The 2005 campaign showed that the ‘conservatives’ were definitely not a united, uniform bloc. Thus, the term ‘neo-conservative’ was coined, mainly to denote the ‘second generation’ of politicians associated with Ahmadinejad. The current president is, however, a self-styled osul-garâ, a word that has led to the rather awkward translation ‘principlist’ or ‘principleist’. Osul-garâ‘i – ‘striving towards principles’ – could also be translated ‘fundamentalism’, as it refers to the fundamental tenets of Khomeinism. However, to avoid confusion with the Sunni fundamentalism of, say, Wahhabists, it seems that ‘principlist’ is now common use. Crudely put, ‘principlist’ became synonymous of the (neo-)‘conservatives’ around Ahmadinejad. The only problem is that it is not just Ahmadinejad who defines himself as a ‘principlist’. After Ahmadinejad adopted the term, other politicians soon declared themselves ‘principlists’, including those ‘conservatives’ who were opposed to Ahmadinejad; and now, even the main ‘reformist’ candidate appears to be a ‘principlist’!

Confusing? Indeed. Let’s look at recent developments as examples of the diverse, interlaced discourses of factional identification prevalent in Iranian domestic politics. The aim is not to re-classify or invent new categories, but rather to nuance the discussion of Iranian politics.

Is The Reformist a reformist?
It seems as if Khatami stepped down since he had promised to do so if another candidate – Mir-Hosein Musavi – would join the race. Musavi dragged his feet, but on March 9, he announced his bid. One question that bothers many now is of course: why did Musavi join the race at all, thus causing the allegedly popular Khatami to step down? A possible explanation is that Khatami knew that he would meet formidable obstacles that Musavi, with his outstanding credentials and political background, could avoid. However, as usual, conspiracy theories abound, one of them being that Supreme Leader Khamene‘i ordered Musavi to join the race in order to force Khatami – a severe challenge to Ahmadinejad and a nuisance to Khamene‘i and his ‘conservative’ clergy allies – to withdraw. The fact that such conspiracy theories exist first of all shows what many Iranians feel about the political game; but it certainly also has to do with the person of Musavi.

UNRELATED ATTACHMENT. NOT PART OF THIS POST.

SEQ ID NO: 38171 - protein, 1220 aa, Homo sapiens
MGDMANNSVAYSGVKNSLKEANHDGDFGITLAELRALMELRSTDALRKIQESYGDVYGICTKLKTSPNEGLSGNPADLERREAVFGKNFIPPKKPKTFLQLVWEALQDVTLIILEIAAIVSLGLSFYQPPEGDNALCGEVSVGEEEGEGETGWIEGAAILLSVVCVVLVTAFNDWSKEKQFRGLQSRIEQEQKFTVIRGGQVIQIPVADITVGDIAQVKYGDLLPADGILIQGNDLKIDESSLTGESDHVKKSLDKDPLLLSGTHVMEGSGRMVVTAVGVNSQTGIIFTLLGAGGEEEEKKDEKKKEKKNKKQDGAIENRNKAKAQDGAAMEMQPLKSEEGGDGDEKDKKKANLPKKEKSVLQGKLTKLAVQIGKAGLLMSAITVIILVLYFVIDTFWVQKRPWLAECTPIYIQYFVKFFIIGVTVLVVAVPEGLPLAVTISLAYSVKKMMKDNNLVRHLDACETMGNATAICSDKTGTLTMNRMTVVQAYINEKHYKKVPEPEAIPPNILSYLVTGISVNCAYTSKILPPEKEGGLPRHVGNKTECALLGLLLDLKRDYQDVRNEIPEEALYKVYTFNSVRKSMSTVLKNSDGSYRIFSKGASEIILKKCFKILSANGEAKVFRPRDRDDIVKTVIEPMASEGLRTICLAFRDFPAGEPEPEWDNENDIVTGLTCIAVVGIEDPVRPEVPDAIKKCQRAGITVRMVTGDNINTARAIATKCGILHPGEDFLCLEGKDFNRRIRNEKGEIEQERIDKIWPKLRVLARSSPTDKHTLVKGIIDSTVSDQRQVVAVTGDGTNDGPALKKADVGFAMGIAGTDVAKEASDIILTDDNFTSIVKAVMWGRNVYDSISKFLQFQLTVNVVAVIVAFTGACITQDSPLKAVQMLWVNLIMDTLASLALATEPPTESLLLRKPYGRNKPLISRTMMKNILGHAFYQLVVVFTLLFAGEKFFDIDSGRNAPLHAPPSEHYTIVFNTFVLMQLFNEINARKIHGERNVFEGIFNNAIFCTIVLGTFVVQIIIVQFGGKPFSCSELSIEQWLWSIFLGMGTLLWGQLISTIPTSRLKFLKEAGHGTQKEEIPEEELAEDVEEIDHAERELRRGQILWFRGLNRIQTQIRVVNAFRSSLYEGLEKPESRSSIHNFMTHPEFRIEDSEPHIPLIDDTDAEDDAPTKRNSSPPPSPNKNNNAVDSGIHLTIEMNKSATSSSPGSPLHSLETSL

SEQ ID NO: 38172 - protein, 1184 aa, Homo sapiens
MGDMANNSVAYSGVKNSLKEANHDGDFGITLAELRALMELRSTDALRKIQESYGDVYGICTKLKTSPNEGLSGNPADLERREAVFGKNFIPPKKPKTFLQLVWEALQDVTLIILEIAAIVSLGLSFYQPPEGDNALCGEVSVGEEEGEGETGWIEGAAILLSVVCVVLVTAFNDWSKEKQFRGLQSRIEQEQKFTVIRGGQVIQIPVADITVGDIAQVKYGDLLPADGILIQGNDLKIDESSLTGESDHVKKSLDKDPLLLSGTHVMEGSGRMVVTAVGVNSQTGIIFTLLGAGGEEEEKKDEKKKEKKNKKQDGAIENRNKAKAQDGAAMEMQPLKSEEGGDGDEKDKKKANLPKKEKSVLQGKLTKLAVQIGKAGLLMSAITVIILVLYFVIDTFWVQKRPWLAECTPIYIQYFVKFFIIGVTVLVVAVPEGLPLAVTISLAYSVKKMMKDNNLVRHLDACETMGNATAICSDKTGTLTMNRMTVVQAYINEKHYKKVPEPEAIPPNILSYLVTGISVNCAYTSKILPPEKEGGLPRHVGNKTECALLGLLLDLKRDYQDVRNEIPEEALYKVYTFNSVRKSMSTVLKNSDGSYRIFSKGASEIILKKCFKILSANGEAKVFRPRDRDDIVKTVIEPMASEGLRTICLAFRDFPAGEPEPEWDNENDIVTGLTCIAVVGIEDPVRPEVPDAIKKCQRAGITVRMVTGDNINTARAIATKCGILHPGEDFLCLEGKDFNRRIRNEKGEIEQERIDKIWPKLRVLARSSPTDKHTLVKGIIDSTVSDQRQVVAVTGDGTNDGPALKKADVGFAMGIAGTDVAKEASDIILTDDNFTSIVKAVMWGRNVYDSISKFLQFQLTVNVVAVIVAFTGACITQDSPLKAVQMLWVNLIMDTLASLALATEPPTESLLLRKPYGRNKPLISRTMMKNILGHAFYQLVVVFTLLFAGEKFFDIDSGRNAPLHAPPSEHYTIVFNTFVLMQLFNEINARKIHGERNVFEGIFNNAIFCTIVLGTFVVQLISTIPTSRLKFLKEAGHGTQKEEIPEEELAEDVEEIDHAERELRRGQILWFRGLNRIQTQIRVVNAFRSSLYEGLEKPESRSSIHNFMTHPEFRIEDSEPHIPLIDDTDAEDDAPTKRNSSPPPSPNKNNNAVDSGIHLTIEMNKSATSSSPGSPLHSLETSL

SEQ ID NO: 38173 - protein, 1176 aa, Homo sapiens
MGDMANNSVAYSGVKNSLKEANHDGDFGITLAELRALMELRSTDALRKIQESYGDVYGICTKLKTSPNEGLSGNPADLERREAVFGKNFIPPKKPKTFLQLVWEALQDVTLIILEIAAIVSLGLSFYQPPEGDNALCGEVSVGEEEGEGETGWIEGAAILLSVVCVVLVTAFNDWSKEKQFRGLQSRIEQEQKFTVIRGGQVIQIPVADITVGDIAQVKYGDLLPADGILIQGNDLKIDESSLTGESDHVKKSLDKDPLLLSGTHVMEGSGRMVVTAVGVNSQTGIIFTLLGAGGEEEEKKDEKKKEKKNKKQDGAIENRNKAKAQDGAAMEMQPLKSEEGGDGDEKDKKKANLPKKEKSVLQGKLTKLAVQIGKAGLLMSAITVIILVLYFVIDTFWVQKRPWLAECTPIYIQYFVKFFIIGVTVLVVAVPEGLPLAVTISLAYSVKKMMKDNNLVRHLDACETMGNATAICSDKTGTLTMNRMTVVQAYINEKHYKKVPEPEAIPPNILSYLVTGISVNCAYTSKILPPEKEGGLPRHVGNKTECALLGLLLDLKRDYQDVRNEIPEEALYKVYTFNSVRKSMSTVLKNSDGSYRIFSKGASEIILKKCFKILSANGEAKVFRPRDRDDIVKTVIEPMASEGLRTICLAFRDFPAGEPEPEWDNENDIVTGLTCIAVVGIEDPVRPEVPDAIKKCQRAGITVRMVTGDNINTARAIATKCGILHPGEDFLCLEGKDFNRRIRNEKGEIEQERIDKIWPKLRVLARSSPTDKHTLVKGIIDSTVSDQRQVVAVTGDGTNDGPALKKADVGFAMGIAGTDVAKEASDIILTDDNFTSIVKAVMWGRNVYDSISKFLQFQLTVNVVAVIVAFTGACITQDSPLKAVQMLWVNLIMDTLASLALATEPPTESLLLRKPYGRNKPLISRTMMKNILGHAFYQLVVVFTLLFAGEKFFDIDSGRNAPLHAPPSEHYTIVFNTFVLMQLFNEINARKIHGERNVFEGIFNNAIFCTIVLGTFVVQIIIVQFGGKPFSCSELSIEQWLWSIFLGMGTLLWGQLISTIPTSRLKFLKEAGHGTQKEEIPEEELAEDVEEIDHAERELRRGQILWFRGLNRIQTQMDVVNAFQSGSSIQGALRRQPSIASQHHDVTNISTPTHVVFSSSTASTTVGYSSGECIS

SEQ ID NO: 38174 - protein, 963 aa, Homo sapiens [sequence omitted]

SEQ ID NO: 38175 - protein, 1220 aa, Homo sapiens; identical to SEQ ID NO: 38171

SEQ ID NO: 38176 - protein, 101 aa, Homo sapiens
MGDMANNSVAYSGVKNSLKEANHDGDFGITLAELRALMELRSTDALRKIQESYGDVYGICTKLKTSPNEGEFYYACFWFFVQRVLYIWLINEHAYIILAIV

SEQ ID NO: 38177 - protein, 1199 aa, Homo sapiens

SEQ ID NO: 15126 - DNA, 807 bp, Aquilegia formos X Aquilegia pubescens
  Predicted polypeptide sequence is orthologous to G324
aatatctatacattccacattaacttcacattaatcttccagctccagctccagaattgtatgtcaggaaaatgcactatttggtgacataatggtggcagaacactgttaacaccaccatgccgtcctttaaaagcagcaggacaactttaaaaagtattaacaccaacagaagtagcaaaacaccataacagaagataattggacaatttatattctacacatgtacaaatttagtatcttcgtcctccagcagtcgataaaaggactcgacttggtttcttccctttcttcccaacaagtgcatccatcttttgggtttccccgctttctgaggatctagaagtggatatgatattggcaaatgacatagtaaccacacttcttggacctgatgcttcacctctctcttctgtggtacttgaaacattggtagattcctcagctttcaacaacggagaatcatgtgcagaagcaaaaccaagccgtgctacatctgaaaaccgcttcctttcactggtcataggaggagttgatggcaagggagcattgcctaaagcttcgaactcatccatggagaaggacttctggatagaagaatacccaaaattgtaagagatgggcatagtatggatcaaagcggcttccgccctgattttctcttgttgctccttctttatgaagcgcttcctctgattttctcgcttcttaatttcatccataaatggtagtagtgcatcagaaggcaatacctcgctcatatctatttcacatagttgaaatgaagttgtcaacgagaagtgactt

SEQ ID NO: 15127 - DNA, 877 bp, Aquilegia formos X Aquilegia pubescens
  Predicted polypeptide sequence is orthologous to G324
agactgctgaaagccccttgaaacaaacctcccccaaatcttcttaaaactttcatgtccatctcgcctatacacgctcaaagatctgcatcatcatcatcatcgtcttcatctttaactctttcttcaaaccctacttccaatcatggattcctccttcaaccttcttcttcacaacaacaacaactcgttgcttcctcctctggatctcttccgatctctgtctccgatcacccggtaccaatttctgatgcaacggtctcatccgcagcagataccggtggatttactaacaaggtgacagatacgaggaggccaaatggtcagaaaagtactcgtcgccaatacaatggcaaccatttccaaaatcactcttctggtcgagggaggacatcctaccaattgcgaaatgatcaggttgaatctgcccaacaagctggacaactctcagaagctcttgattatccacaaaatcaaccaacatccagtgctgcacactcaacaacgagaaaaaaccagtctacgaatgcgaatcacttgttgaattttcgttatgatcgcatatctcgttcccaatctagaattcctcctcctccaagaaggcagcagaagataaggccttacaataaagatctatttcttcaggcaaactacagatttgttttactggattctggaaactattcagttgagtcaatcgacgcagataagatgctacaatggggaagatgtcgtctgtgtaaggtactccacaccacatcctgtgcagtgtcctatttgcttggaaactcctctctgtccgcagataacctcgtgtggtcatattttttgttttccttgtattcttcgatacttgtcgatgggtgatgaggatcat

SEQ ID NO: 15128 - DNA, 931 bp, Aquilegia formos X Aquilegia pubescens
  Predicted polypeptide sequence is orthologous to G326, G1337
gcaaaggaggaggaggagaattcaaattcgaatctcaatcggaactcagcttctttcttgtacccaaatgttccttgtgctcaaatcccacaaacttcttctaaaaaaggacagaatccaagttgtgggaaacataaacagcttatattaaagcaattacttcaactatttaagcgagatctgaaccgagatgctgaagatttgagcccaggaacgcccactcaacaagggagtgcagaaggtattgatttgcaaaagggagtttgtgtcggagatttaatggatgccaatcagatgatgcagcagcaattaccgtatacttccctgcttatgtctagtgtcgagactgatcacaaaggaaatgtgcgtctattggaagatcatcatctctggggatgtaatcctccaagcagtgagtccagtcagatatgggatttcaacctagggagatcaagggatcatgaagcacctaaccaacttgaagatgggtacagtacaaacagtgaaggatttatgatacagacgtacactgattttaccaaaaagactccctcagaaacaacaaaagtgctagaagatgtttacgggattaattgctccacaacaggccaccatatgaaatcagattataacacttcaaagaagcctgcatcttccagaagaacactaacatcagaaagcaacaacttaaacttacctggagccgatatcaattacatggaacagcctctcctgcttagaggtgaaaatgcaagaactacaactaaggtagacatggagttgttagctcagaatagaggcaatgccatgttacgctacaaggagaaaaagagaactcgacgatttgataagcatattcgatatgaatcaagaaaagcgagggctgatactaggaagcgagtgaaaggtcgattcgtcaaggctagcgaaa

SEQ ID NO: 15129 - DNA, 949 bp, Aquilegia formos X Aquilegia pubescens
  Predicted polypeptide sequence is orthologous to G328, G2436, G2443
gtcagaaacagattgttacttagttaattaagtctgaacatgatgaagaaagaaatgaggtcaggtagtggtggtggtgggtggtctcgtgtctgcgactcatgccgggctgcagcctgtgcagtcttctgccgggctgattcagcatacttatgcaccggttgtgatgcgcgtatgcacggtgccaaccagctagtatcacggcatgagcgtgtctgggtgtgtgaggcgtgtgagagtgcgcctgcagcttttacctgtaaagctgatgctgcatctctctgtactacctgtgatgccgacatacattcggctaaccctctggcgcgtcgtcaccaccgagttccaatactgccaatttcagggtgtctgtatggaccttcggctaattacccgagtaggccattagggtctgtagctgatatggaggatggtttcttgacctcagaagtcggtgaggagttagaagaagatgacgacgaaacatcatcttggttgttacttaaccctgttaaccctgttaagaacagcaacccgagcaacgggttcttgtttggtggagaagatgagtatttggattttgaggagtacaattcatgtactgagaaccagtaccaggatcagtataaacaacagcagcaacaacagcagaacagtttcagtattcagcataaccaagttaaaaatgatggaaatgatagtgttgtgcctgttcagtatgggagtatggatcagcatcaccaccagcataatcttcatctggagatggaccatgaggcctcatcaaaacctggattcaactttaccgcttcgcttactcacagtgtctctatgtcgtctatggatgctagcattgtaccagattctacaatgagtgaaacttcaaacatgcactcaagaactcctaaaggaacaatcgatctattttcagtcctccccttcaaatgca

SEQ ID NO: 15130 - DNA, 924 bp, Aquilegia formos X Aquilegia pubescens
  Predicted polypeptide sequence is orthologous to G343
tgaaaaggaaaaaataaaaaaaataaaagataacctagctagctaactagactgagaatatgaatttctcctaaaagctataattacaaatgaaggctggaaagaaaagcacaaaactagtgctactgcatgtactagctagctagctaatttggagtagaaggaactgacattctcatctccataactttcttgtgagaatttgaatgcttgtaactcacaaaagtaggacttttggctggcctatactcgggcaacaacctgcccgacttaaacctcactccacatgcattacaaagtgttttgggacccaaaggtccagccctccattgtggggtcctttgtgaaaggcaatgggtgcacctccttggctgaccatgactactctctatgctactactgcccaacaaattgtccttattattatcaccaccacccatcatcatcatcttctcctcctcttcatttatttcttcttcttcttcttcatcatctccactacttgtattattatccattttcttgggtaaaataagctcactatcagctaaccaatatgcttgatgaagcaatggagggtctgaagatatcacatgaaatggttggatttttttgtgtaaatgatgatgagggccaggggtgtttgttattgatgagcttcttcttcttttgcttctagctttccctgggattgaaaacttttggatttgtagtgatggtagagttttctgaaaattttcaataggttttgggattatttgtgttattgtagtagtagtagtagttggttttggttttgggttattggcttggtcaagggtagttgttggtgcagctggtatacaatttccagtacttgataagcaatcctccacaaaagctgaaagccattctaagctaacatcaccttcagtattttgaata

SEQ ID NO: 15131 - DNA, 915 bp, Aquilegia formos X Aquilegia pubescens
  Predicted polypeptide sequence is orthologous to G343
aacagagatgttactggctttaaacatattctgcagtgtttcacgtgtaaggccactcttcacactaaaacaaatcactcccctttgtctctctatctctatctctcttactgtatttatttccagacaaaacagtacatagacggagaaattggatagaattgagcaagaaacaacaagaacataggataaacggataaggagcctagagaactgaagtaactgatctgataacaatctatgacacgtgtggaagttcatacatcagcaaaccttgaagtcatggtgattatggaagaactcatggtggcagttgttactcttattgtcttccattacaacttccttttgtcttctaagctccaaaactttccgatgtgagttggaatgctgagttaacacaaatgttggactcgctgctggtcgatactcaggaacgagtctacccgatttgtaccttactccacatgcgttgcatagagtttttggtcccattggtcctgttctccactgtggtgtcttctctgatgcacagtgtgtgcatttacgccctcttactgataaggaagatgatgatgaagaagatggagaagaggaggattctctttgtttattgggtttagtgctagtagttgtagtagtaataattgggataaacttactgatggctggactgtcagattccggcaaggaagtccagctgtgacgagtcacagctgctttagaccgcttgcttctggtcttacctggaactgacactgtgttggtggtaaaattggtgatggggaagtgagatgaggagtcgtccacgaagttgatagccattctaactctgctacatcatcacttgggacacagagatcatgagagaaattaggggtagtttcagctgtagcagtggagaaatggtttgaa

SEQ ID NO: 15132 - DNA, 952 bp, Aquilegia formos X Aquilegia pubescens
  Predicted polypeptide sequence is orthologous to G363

Originally a painter, architect and university lecturer, Musavi served as Iran’s last prime minister from 1981 to ‘89, when the position was eliminated. He is recognized across the political spectrum as an impeccable servant of the nation. His time as prime minister and close aide to Khomeini coincided with the bloody war between Iran and Iraq, and Musavi is praised for his attempts to keep Iranian economy alive despite the devastating war. Musavi represented the ‘left wing’ (another obscure term) of Iranian revolutionary politics: he was in favor of a state-regulated economy with a central role for collective cooperatives (ta‘âvon). Musavi could also be termed a ‘radical’ in the sense that he belonged to this ‘left wing’, which, among other things, challenged the historical Shi‘i clerical stance on the sanctity of private property.